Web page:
Q – Why must I have an MRI before consult even if I have had an ultrasound?
A – Ultrasound is a rudimentary imaging tool for fibroids that often does not show other underlying diseases or all the existing fibroids. For this reason, MRI is the standard imaging tool used by interventional radiologists.
Q – Can I become pregnant afterwards?
A – There have been numerous reports of pregnancies following uterine fibroid embolization; however prospective studies are needed to determine the effects of UFE on the ability of a woman to have children. One study comparing the fertility of women who had UFE with those who had a myomectomy showed similar numbers of successful pregnancies. However, this study has not yet been confirmed by other investigators.
Q – Can I expect a 100% reduction in symptoms?
A – The results of studies that have been published or presented at scientific meetings report that 78 – 94% of women who have the procedure experience significant or total relief of pain and other symptoms, with the large majority of patients considerably improved.
Q – Will a UFE cause me to enter menopause?
A – Less than 2% of patients have entered menopause as a result of UFE. This more likely to occur if the woman is in her mid 40s or older and is already nearing menopause.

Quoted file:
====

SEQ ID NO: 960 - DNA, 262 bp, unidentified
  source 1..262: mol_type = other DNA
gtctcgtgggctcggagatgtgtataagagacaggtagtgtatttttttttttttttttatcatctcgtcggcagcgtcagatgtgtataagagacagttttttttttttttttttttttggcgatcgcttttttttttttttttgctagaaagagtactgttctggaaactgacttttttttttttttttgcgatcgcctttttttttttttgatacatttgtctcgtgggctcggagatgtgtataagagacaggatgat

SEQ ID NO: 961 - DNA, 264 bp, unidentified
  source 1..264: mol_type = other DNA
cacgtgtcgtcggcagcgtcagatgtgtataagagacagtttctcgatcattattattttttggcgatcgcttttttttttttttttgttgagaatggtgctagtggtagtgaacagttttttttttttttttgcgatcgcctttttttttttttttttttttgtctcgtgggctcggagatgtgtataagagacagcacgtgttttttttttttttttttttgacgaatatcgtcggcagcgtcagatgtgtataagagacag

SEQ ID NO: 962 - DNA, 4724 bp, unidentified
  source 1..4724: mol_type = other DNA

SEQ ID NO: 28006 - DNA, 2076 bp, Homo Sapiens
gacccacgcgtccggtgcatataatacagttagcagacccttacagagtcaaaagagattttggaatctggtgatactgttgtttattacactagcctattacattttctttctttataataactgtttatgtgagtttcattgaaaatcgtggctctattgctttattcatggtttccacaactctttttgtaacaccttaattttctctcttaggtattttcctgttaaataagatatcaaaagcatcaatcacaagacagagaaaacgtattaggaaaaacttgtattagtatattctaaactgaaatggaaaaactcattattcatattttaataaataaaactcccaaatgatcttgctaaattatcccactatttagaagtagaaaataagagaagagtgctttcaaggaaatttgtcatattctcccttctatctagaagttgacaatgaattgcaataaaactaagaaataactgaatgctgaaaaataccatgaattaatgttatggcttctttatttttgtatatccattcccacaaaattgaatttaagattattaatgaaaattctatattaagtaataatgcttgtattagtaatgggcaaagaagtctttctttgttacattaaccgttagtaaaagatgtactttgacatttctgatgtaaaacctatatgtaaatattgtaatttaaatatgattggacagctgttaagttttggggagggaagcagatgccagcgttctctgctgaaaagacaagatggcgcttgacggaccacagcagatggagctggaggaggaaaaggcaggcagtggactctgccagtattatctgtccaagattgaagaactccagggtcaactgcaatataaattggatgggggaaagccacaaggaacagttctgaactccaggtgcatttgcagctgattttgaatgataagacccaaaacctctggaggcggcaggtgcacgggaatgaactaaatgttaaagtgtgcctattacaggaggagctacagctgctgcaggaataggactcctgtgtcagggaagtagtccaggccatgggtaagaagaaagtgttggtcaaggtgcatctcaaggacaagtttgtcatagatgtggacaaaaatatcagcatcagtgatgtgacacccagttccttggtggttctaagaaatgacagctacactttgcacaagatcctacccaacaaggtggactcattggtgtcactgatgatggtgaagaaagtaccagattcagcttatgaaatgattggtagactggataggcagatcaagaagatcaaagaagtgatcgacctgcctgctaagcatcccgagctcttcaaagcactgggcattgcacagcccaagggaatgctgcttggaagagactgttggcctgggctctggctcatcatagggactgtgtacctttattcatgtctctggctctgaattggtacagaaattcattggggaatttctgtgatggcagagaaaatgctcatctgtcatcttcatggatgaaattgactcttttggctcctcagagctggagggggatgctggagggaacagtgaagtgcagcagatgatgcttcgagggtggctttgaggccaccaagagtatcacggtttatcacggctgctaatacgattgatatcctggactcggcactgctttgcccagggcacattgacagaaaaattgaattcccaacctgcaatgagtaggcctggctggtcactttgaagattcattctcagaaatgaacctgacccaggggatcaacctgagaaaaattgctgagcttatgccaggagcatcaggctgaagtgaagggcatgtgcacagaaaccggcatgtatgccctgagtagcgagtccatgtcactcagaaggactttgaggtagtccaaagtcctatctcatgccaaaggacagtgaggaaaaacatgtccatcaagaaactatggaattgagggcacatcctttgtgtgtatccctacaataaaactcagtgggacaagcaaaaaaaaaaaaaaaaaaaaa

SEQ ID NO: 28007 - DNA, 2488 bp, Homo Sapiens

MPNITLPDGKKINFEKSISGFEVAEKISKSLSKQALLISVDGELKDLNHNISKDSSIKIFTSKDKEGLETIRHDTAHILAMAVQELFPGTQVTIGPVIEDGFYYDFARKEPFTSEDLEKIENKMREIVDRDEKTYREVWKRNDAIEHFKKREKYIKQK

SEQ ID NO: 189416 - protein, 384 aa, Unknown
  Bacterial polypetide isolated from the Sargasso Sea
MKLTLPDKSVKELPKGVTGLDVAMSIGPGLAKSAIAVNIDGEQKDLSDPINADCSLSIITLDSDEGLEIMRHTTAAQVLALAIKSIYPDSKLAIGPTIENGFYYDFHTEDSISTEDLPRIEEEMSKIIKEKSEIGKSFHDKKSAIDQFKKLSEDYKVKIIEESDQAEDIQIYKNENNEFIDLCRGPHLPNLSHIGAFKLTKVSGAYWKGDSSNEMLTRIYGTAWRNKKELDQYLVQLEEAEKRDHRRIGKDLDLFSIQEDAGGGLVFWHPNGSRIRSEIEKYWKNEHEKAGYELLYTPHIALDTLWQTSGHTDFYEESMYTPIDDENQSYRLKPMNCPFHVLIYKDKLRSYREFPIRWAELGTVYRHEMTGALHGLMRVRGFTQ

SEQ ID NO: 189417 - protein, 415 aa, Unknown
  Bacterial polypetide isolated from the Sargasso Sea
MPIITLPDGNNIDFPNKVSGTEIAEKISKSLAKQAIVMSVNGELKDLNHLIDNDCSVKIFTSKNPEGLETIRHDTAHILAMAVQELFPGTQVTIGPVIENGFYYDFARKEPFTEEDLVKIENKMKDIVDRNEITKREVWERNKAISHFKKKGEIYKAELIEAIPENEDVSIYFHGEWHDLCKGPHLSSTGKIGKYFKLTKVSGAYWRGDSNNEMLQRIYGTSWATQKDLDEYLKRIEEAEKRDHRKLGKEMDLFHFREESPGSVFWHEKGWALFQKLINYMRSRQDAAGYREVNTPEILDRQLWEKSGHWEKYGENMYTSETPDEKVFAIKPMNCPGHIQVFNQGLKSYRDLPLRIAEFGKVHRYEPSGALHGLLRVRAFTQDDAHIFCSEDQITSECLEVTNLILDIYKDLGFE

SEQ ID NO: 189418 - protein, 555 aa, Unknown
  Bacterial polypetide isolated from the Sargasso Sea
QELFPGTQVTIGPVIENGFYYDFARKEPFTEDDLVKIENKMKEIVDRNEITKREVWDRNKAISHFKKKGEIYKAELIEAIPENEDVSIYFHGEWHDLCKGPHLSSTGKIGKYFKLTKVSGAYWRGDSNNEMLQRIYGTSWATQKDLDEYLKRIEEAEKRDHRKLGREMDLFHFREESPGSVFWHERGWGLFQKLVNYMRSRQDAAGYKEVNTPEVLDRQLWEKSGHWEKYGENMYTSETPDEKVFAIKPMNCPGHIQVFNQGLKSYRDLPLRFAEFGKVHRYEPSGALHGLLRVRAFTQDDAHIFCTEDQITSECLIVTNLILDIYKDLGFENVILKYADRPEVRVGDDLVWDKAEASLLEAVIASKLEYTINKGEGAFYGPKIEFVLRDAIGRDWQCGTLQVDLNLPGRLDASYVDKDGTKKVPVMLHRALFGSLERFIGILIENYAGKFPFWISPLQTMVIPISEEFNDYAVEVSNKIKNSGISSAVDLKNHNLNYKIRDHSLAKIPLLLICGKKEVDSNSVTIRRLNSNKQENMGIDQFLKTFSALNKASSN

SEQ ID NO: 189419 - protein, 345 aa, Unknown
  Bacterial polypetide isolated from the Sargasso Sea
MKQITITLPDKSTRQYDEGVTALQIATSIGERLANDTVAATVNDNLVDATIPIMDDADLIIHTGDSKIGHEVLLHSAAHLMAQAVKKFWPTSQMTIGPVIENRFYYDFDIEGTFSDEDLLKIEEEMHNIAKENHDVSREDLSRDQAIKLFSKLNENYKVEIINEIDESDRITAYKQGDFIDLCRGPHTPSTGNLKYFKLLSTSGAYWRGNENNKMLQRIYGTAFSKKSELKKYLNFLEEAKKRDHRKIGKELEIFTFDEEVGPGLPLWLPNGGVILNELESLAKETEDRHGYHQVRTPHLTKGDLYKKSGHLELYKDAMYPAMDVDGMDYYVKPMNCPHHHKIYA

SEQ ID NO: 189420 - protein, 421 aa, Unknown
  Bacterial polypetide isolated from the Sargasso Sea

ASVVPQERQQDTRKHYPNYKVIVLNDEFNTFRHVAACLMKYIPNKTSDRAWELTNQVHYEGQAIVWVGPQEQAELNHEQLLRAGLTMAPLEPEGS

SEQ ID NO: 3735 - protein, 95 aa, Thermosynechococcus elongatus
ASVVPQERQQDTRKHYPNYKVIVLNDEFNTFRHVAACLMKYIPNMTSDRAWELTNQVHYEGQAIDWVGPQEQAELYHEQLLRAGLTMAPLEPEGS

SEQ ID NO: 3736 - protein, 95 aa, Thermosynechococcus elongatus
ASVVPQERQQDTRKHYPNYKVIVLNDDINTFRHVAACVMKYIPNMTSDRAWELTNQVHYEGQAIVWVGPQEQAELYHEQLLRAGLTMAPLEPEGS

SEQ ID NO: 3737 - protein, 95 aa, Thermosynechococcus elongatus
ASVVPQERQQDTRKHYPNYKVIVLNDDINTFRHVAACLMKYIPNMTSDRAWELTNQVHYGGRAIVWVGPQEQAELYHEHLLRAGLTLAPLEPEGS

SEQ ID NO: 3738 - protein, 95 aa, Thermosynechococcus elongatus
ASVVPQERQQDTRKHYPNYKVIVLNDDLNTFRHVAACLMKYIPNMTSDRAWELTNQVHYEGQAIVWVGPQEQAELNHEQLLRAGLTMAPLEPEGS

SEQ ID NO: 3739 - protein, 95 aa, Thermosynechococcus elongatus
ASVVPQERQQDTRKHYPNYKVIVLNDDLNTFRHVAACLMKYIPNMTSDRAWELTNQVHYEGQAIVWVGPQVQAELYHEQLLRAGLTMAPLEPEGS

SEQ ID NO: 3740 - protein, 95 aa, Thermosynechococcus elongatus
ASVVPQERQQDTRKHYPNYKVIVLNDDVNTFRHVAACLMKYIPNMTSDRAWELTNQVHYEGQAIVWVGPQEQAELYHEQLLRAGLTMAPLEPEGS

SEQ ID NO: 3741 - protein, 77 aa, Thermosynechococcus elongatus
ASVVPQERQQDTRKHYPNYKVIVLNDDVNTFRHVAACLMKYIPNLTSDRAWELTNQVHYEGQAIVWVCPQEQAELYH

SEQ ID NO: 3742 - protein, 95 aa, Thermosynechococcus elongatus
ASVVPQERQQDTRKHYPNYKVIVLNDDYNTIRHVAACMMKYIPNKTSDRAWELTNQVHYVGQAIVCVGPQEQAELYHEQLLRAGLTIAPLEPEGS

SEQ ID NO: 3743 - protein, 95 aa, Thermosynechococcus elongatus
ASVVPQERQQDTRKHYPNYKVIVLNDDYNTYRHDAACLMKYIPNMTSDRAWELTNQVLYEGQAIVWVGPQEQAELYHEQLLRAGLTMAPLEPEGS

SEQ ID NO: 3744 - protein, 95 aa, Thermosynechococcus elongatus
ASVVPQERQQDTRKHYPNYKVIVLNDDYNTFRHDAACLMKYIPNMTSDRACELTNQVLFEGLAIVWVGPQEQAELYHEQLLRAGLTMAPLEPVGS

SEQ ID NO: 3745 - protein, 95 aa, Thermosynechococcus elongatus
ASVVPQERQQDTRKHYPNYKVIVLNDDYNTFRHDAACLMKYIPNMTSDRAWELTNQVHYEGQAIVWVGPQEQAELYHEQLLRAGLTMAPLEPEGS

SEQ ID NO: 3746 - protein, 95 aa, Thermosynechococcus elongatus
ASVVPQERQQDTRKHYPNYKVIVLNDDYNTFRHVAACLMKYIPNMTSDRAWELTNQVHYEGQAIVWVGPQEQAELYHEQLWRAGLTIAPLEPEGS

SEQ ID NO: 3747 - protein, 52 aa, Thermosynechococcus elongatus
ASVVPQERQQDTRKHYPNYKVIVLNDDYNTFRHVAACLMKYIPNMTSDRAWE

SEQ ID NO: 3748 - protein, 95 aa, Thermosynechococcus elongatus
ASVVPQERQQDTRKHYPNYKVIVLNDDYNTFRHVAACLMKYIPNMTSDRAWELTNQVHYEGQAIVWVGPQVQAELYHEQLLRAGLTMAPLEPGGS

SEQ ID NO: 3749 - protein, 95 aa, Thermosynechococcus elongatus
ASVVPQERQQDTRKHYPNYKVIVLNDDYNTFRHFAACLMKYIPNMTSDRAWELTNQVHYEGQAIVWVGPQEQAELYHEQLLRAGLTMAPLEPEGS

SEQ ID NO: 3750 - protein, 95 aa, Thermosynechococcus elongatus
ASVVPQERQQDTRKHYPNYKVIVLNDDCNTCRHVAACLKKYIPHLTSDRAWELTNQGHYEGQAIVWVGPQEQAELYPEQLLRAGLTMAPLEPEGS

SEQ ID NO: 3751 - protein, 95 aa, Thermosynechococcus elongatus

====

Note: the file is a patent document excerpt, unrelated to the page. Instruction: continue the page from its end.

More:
Q – How long is the recovery following the procedure?
A – Fibroid embolization usually requires a hospital stay of one night. Pain-killing medications and drugs that control swelling typically are prescribed following the procedure to treat cramping and pain. Many women resume light activities in a few days and the majority of women are able to return to normal activities within 7 to 10 days.
Q – What kind of anesthesia is necessary?
A – Conscious sedation and local anesthetic are used for this procedure in the hospitals. Local anesthetics like Lidocaine are used to numb up the skin where the doctor will make his assess. Conscious sedation medications such as Fentanyl, Dilaudid, and Versed are administered intravenously.